Originally created 10/15/00

Invitation rejection should be more polite



Dear Carson: I read with interest a letter you received (Sept. 24) implying that Southerners are more polite than the rest of the country.

I recently moved to the South and I can tell you that it is not true! What people around here call polite, I call refusing to be honest, omitting the truth or downright lying.

I've been called rude because I politely say no rather than accept an invitation and failing to show up. Neighbors and co-workers accept invitations knowing full well that they cannot attend. This, to me, is rude and dishonest, yet I am the one considered the "rude Northerner."

Isn't it better to be honest from the beginning than to lie, only to be a no-show? And, by the way, most of these "polite Southerners" don't even bother to call to say they aren't coming! - No Nonsense Northerner

Dear Northerner: You are right that Southerners, like many people everywhere, are remiss in not replying to invitations. You are also correct that Southerners, like the Japanese, dislike saying no. However, you might use a little more tact.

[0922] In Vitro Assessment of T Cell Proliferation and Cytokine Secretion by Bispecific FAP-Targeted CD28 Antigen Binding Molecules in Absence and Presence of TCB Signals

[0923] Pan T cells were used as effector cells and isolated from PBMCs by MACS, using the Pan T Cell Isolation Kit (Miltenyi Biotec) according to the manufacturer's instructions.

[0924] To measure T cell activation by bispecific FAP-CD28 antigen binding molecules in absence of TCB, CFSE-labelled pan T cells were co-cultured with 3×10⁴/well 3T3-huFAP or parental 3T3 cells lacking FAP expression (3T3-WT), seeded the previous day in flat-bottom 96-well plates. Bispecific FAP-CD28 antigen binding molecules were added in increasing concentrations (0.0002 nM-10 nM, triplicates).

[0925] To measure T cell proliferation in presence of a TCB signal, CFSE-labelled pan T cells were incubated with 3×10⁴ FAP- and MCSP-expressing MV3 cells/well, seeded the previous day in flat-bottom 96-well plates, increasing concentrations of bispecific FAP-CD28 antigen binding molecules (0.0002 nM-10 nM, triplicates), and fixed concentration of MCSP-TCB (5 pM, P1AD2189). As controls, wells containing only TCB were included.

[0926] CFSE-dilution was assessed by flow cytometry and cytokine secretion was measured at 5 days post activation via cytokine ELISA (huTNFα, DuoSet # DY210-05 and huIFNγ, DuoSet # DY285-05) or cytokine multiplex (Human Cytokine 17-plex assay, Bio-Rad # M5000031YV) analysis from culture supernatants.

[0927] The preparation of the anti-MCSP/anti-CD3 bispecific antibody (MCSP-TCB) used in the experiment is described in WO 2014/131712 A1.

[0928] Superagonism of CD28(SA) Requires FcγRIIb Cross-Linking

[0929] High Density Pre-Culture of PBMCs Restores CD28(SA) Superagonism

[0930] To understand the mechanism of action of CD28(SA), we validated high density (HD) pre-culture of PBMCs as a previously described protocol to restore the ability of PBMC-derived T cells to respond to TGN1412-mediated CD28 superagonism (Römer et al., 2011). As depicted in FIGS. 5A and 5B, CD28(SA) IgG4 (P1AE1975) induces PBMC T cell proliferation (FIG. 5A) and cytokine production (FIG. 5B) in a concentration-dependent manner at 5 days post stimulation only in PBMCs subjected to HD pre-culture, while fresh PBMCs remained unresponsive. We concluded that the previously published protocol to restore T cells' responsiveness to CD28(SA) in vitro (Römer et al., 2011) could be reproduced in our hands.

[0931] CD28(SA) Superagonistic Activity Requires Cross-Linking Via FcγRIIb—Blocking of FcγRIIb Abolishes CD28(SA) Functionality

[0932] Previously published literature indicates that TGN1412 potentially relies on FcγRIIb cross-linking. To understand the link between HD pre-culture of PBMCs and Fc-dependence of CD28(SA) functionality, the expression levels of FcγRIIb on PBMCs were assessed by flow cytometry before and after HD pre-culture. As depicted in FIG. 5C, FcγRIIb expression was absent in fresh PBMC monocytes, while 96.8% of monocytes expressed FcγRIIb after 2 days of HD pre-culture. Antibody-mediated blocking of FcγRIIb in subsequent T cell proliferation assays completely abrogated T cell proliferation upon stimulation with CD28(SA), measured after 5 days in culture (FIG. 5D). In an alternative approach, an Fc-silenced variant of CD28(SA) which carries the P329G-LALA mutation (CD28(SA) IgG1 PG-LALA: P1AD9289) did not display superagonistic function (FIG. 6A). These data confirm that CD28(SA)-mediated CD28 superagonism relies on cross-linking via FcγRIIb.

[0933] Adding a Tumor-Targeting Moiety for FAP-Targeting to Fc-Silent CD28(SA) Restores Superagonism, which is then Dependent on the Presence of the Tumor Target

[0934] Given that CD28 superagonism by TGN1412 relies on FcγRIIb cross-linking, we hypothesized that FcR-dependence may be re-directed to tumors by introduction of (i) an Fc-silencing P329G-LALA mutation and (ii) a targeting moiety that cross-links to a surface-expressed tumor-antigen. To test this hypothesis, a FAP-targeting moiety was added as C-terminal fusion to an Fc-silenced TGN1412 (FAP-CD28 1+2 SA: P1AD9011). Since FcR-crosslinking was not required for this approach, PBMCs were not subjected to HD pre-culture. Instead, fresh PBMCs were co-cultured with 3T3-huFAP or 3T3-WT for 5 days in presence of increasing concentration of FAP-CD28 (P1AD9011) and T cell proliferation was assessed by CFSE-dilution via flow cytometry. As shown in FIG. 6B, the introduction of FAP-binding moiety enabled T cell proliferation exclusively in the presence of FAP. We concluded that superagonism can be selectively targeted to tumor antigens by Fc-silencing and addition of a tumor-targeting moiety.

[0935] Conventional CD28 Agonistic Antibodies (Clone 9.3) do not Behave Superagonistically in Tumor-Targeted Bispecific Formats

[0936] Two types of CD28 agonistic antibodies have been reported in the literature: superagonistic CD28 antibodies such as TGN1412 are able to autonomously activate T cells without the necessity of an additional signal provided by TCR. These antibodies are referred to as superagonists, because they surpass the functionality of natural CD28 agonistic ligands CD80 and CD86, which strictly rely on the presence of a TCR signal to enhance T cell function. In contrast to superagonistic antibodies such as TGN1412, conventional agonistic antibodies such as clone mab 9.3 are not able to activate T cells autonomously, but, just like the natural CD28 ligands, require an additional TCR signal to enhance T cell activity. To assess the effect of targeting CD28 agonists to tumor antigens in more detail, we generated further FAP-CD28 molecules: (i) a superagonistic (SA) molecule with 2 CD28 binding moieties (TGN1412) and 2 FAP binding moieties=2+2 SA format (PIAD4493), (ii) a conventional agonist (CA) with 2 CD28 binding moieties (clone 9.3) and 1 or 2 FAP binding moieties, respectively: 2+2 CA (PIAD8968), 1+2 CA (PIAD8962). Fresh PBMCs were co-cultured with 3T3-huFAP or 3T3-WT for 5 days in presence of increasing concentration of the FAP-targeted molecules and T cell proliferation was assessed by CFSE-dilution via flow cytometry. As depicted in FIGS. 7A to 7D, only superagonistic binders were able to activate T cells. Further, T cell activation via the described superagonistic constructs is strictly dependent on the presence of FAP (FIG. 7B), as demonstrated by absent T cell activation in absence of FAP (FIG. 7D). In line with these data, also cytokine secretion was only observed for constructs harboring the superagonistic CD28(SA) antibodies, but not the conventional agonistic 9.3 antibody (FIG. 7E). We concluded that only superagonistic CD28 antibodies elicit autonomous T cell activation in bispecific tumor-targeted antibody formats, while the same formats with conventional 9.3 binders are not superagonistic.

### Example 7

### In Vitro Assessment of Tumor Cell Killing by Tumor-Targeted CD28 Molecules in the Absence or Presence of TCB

If you have been called rude by at least three people, you would do well to take heed. One can say no, but with tact and a pleasant tone of voice. Your rejection also is softened by expressing sincere regret or by giving a reason, even if it is simply that you have another commitment.

Dear Carson: Is it acceptable to ask guests to your home to remove their shoes when entering the house? If so, how would you do that? - Neat Freak

Dear Neat: No, it is not acceptable. Get a good door mat and place it in front of your door.

Dear Carson: Is it acceptable for a secretary to type letters to clients, as a third party? For example: "Your appointment has been set with Dr. Doe for 1 p.m. Wednesday, Oct. 18. Please let us know if you cannot be here at this time." These would be signed with the name of the secretary. - Typed Appointment Times

Dear Typed: It is not only correct, but also preferable for a secretary to type such notices and sign her name, i.e. "Secretary to Dr. John Doe."

Dear Carson: If a person is writing on behalf of her spouse and herself, is it proper to sign the writer's name first and the spouse after? - Correspondence Correctness

Dear CC: It is more proper for the person doing the writing to sign her name and mention the spouse.

Write to Ask Carson, The Augusta Chronicle, P.O. Box 1928, Augusta, GA 30903-1928. Send e-mail to askcarson@home.com. Carson Elliott's Web site is www.theproperthing.com.